The New York Court of Appeals observed that the representation of conflicting or adverse interests may constitute misconduct because a lawyer is charged with a high degree of undivided loyalty to his client; that, with rare and conditional exceptions, the lawyer may not place himself in a position where a conflicting interest may give the appearance of affecting the obligations of the professional relationship; that in those rare and exceptional situations where there may be a potential conflict, the lawyer must disclose to all affected parties the nature and extent of the conflict and obtain their consent to the continued representation.

The court held that it was prima facie evidence of professional misconduct for the partnership to represent claimants, whether assureds of Nationwide or not, in their claims against the carrier, while at the same time Whalen was also the carrier's paid employee. The case was remanded for the taking of further evidence with the admonition that if it should appear that Whalen's relationship to Nationwide as its adjuster was such that, even as to claims not assigned to him, he was charged with a duty to protect its interests, there would be no effective consent by the clients.

In the matter at hand there is no employment as an employee of any member of the petitioner's firm. It appears from the only witness that testified to this question, without contradiction, that the employment of the firm or the petitioner by Maryland was occasional in nature. The petitioner has been adverse to Maryland more times than he had represented its assured.

The argument of respondent carries with it an assumption that an attorney who has, occasionally, represented the insurer of a prospective defendant, might compromise his client's interest in an effort to ingratiate himself with the insurer.

Canon 6 of the American Bar Association's Canons of Ethics prohibits an attorney from representing conflicting interests except after giving full disclosure of the facts, in that an attorney should not place himself in a position to contend for that which duty to another client requires him to oppose. The canon also requires him to disclose to the client that which might influence the client in the selection of counsel.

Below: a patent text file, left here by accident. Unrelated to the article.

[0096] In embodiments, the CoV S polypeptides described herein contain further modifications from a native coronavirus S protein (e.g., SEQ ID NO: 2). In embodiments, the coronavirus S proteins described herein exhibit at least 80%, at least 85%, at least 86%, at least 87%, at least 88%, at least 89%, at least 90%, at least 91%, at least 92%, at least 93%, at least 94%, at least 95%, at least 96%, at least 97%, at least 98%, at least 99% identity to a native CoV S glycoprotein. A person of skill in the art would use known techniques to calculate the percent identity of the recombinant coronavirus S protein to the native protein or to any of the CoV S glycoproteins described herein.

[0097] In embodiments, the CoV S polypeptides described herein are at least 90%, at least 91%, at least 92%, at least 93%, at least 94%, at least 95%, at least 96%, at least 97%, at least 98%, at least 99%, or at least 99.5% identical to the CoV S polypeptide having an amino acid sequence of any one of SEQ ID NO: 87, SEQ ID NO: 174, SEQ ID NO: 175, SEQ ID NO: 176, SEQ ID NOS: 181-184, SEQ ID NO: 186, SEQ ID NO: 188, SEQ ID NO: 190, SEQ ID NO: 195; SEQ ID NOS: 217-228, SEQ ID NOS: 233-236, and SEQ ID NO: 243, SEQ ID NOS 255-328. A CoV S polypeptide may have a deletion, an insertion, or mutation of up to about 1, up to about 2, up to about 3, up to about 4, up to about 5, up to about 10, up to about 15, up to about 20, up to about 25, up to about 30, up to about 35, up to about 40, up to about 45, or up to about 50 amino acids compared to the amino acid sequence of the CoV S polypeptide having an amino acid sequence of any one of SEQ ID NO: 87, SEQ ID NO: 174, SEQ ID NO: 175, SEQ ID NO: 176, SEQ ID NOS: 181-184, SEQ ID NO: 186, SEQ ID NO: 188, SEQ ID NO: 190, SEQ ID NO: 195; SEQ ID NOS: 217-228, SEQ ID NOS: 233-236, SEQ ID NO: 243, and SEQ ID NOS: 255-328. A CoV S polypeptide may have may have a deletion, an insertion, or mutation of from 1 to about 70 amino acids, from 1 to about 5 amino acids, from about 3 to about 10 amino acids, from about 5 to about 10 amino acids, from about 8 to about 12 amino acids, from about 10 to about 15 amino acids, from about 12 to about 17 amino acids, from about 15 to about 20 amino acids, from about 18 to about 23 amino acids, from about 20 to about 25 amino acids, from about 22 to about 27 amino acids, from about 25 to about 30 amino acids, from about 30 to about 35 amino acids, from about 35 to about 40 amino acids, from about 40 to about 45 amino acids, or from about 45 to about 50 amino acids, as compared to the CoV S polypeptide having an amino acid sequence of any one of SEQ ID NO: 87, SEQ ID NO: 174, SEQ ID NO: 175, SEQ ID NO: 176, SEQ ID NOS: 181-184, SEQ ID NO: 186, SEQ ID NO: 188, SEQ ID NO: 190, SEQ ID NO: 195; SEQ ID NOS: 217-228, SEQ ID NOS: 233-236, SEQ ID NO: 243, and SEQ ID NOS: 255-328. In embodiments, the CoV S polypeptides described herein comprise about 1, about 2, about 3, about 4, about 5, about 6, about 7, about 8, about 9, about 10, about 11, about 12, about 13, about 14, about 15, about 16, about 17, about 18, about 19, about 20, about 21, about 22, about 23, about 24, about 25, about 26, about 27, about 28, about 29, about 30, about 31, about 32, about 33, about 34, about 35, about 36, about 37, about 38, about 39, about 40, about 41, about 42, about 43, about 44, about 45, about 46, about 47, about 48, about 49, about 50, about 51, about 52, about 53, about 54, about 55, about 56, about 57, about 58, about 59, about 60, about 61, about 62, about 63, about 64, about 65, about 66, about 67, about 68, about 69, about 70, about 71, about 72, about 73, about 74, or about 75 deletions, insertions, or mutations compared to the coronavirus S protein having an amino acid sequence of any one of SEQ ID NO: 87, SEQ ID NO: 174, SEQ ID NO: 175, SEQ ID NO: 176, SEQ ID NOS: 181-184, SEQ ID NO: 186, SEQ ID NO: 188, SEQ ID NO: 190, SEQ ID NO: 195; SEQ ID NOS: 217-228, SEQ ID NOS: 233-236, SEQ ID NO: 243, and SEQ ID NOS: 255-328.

Rule 6-101 of the Code of Professional Responsibility, recently adopted by the American Bar Association, prohibits an attorney from accepting employment when the exercise of his professional judgment on behalf of his client will be or reasonably may be affected by his own financial, business, property or personal interests.

It is the judgment of this court that there did not exist any conflict that would make the representation of this claimant, by the petitioner or his firm, professionally reprehensible or void. The realities of the practice of law and in particular the practice in litigated matters are that many of the more active and notable members of the trial bar start their practice with the representation of assureds for insurance companies. Many of these practitioners gravitate to the representation of claimants and still occasionally represent assureds at the request of insurance companies. This does not, in and of itself, automatically create a conflict of interest.

As the record in this case reflects, a diligent counsel will be diligent without regard to the status of his client. There is no evidence herein to suggest that petitioner was indifferent in the handling of the case, or failed to disclose any possible conflict, but rather the record reflects that petitioner, at the time of the initial visit of the respondent, discussed with the client the fact that he had represented insurance companies in the past and present but, notwithstanding, he would do his utmost for the claimant. Furthermore, petitioner appears to be equally accessible to claimants as well as insurers.

The suggestion that trial attorneys are either "Plaintiff" or "Defendant" is not the fact of the practice, although many attorneys do represent plaintiffs or defendants primarily, at given times in their practices. To freeze trial counsel into such polarities is to deny them one of the rewarding challenges of their profession and denies, to both the plaintiffs and defendants of this State, thoroughly trained and free representation. We find no merit, under the circumstances of this case, to the respondent's contention.